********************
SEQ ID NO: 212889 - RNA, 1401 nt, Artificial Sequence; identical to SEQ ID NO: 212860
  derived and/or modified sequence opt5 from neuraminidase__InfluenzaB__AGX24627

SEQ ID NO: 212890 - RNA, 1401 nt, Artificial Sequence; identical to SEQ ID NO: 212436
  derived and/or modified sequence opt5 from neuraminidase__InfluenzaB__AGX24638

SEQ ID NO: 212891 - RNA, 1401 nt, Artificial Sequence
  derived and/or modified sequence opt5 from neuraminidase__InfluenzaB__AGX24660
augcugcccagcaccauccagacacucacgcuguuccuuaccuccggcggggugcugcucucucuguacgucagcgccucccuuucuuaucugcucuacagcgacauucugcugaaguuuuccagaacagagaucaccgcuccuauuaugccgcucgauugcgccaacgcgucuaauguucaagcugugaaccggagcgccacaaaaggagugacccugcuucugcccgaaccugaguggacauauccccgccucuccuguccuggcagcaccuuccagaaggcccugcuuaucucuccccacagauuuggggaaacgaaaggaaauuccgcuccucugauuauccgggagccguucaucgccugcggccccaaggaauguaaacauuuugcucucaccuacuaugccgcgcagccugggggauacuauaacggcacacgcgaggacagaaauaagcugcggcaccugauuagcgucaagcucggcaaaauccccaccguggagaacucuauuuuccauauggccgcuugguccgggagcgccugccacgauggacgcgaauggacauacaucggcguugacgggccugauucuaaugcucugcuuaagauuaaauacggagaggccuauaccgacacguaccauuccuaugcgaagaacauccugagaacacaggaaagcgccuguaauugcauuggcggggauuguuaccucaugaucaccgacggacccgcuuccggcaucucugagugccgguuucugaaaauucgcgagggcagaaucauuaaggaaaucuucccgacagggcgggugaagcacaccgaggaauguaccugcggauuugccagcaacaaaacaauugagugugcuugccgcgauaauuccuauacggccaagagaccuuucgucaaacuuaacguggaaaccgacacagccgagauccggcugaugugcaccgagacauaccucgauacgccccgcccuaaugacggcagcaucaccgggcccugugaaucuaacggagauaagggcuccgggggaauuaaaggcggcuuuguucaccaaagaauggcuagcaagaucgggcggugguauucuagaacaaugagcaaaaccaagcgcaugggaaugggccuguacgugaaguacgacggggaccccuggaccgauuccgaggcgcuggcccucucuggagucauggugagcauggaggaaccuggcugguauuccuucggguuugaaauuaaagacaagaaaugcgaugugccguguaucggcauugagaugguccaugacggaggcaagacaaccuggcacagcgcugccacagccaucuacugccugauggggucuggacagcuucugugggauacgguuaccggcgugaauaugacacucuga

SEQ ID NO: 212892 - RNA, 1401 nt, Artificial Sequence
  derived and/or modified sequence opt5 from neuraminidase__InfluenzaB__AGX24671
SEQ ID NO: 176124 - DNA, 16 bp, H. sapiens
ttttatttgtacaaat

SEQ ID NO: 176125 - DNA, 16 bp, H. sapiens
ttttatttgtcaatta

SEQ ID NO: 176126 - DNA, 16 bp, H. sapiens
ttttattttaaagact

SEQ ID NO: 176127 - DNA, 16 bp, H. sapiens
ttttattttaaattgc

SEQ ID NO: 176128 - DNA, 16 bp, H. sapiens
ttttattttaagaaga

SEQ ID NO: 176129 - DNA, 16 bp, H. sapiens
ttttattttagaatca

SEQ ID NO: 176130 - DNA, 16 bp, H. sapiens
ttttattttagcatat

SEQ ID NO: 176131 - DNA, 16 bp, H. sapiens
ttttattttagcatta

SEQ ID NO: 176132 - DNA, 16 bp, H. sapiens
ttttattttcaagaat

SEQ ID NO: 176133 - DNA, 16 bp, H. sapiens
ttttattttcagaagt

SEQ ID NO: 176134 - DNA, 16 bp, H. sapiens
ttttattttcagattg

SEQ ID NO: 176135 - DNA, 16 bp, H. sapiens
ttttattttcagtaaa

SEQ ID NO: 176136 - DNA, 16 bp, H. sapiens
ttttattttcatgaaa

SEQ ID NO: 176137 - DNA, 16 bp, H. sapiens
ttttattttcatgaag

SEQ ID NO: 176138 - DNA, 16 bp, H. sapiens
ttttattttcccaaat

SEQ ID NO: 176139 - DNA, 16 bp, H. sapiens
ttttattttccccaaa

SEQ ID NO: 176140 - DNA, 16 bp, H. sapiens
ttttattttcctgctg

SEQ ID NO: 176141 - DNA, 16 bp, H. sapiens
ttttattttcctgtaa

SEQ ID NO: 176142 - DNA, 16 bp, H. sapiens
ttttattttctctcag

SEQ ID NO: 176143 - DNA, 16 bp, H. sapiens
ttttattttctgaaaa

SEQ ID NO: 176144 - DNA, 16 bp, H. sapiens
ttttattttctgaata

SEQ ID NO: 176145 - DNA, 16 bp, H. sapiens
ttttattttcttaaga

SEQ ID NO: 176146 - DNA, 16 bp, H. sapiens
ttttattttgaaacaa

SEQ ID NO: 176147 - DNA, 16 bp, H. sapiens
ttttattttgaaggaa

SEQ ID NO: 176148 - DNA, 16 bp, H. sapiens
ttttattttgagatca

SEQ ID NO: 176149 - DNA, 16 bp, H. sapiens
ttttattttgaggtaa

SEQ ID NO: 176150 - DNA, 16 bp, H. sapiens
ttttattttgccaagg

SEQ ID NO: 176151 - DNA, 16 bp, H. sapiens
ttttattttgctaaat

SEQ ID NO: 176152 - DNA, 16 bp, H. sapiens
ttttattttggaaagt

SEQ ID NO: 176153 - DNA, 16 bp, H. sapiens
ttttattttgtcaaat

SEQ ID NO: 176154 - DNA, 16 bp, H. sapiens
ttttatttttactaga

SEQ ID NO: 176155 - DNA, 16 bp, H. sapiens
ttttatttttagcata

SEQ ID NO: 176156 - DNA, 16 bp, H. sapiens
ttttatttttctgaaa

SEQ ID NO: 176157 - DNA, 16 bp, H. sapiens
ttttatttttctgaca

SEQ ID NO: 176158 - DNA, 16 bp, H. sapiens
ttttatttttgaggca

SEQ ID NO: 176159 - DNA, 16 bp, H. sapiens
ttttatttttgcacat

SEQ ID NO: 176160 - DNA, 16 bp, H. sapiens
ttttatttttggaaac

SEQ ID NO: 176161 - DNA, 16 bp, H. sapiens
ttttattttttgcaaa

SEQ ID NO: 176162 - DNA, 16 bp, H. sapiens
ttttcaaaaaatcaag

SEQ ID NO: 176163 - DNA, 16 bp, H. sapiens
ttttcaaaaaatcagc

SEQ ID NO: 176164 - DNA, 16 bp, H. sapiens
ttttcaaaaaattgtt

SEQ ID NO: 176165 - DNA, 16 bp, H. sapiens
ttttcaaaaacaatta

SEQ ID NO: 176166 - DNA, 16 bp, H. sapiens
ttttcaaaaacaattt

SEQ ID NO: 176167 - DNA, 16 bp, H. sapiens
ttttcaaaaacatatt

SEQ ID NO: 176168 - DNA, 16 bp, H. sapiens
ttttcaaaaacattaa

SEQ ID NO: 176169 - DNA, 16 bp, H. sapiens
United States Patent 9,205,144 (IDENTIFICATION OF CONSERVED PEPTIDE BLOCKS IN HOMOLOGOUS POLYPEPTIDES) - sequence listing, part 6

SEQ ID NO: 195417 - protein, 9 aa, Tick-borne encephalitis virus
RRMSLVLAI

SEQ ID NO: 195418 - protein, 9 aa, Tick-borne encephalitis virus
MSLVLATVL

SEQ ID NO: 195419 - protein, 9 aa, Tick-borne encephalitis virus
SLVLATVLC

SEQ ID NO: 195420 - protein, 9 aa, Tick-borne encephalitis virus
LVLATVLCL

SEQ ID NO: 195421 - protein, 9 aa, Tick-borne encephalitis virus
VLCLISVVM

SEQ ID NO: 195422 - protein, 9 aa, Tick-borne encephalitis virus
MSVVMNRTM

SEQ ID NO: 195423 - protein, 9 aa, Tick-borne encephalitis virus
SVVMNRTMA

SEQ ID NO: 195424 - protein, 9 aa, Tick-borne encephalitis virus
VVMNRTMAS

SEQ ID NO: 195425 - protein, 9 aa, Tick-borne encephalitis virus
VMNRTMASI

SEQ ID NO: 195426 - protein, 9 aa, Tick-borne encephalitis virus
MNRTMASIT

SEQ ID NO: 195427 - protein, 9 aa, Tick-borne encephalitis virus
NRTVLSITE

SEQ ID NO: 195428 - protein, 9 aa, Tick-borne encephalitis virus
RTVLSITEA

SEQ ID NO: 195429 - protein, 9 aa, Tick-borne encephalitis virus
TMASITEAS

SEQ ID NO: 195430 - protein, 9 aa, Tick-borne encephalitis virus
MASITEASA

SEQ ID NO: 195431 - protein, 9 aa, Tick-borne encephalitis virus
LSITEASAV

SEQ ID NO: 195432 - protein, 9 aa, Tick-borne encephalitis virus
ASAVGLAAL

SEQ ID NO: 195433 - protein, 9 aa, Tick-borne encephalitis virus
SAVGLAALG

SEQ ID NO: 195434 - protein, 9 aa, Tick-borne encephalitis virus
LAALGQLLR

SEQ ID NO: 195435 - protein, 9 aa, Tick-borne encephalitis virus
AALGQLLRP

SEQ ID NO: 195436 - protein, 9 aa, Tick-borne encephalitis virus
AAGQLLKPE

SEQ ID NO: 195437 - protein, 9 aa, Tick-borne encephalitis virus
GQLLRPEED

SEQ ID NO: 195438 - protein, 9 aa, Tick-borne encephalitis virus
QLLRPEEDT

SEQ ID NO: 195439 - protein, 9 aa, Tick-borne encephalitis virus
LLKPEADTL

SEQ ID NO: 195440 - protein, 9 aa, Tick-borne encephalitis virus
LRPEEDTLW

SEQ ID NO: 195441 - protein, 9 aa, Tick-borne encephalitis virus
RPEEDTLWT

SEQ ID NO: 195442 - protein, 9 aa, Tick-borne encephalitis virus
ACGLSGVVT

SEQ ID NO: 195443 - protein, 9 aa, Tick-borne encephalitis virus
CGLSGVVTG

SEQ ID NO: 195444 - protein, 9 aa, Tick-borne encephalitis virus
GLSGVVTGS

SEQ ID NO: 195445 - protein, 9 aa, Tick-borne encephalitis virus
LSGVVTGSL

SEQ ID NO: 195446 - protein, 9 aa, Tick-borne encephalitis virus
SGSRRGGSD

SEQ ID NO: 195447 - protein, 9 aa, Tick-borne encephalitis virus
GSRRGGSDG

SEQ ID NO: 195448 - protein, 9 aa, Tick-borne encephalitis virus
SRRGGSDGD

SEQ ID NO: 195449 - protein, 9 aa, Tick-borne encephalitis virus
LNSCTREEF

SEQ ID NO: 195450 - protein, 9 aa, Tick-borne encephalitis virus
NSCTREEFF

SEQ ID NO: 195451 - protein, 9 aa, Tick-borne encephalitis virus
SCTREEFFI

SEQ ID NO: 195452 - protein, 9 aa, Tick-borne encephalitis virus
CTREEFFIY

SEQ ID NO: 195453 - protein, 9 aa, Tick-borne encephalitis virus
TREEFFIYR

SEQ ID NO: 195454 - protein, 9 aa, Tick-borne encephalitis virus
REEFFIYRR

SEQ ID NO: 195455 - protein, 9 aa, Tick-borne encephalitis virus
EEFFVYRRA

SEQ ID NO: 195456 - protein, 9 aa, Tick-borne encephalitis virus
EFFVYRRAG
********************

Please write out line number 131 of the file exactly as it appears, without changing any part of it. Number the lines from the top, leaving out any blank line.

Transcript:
LSITEASAV